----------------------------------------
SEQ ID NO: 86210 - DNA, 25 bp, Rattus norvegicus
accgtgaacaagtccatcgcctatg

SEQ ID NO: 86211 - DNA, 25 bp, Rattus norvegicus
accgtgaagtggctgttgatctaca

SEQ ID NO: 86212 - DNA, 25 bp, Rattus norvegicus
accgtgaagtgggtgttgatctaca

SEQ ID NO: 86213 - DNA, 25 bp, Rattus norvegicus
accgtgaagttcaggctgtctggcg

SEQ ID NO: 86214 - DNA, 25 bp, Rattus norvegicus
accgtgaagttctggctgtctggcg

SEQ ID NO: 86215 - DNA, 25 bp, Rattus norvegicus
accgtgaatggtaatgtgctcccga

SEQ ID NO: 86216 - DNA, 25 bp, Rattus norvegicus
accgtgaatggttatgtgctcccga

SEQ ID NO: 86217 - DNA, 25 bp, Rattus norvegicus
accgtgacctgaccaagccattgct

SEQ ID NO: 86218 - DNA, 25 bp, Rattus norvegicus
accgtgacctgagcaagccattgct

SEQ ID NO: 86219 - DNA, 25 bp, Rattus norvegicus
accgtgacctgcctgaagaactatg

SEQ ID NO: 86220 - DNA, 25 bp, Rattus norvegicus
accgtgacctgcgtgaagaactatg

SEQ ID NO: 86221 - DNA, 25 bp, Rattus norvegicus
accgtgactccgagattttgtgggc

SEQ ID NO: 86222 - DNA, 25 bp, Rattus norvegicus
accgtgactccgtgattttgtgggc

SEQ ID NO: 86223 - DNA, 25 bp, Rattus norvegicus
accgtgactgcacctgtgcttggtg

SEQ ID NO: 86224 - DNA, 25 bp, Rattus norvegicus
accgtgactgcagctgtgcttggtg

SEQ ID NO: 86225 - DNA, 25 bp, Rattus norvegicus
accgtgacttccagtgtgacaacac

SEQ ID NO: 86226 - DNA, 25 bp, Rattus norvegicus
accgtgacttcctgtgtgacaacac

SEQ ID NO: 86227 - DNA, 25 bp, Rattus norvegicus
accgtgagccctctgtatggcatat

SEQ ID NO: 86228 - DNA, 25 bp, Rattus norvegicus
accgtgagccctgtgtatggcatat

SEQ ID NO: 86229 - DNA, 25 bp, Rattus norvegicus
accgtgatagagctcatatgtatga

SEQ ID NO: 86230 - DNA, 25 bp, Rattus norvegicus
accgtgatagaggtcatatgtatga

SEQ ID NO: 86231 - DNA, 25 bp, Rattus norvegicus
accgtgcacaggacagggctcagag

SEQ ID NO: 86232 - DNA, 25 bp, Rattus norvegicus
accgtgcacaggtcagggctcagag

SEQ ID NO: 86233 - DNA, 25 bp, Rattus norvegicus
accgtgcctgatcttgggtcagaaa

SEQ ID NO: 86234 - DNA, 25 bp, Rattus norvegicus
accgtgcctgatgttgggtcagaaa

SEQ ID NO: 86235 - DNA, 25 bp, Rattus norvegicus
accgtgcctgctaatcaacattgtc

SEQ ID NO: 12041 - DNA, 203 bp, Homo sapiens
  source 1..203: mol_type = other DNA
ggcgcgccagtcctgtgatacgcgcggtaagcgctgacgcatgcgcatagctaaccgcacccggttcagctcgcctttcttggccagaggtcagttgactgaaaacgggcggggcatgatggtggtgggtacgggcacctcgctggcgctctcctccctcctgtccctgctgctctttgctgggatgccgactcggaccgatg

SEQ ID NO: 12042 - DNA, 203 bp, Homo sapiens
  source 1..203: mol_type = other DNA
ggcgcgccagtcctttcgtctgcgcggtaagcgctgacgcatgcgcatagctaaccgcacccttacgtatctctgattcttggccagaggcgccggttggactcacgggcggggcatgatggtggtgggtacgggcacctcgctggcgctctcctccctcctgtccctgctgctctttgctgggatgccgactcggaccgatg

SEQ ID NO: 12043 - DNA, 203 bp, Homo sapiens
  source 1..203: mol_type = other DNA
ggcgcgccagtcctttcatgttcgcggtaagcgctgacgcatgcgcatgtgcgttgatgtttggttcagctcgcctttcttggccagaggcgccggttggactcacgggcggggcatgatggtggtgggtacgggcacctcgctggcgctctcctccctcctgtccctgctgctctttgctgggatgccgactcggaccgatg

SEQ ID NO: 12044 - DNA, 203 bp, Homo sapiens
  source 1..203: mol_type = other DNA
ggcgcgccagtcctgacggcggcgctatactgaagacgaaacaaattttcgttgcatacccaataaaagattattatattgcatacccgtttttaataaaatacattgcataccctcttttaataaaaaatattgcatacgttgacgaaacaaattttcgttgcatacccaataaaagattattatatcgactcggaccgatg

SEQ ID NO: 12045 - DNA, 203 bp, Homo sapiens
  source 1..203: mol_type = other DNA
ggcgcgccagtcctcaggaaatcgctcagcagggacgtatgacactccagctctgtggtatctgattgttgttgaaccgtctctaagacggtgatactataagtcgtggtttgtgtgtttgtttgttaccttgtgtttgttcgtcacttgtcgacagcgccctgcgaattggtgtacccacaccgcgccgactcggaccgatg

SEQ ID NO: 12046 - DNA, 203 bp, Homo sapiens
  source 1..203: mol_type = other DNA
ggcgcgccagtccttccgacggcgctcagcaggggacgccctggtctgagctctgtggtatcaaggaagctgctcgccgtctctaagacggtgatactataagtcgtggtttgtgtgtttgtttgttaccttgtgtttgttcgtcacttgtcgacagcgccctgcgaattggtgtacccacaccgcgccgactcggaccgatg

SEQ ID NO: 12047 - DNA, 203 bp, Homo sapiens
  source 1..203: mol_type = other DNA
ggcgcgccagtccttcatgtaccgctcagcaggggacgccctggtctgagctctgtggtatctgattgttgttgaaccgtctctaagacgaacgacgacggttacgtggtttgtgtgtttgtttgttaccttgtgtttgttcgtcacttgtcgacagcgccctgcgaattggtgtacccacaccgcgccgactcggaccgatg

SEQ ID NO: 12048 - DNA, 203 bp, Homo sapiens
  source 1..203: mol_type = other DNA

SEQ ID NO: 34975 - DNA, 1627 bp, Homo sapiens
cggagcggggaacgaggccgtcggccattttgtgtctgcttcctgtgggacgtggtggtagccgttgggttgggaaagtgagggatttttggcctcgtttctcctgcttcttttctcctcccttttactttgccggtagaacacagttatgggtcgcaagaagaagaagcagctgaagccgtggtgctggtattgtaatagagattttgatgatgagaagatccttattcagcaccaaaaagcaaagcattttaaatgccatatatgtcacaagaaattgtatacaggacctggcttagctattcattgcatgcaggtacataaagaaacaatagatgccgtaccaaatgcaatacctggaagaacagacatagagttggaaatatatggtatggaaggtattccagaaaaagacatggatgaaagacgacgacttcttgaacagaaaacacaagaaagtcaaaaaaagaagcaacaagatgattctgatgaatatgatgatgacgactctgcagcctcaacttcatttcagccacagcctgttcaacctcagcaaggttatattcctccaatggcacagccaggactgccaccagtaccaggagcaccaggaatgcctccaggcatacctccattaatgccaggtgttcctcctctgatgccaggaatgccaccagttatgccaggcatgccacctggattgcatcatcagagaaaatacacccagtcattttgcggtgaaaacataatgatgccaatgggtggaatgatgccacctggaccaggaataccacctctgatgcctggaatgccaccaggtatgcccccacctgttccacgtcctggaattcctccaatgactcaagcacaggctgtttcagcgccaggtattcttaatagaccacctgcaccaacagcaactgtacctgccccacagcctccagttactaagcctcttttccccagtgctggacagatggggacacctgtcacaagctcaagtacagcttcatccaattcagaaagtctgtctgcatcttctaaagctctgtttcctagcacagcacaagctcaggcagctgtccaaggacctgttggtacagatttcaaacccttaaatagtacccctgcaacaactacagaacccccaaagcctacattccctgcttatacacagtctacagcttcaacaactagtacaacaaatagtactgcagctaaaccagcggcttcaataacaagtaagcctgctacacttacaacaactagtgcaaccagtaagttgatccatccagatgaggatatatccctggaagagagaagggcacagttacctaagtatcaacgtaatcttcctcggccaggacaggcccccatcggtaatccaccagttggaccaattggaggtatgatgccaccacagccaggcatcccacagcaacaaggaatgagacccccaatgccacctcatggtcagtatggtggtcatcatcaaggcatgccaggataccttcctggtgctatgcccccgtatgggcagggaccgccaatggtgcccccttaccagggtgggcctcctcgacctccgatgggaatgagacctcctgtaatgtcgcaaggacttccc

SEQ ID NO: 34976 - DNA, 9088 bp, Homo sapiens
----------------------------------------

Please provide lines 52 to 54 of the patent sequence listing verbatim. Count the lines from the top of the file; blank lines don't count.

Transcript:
accgtgcctgctaatcaacattgtc

SEQ ID NO: 12041 - DNA, 203 bp, Homo sapiens
  source 1..203: mol_type = other DNA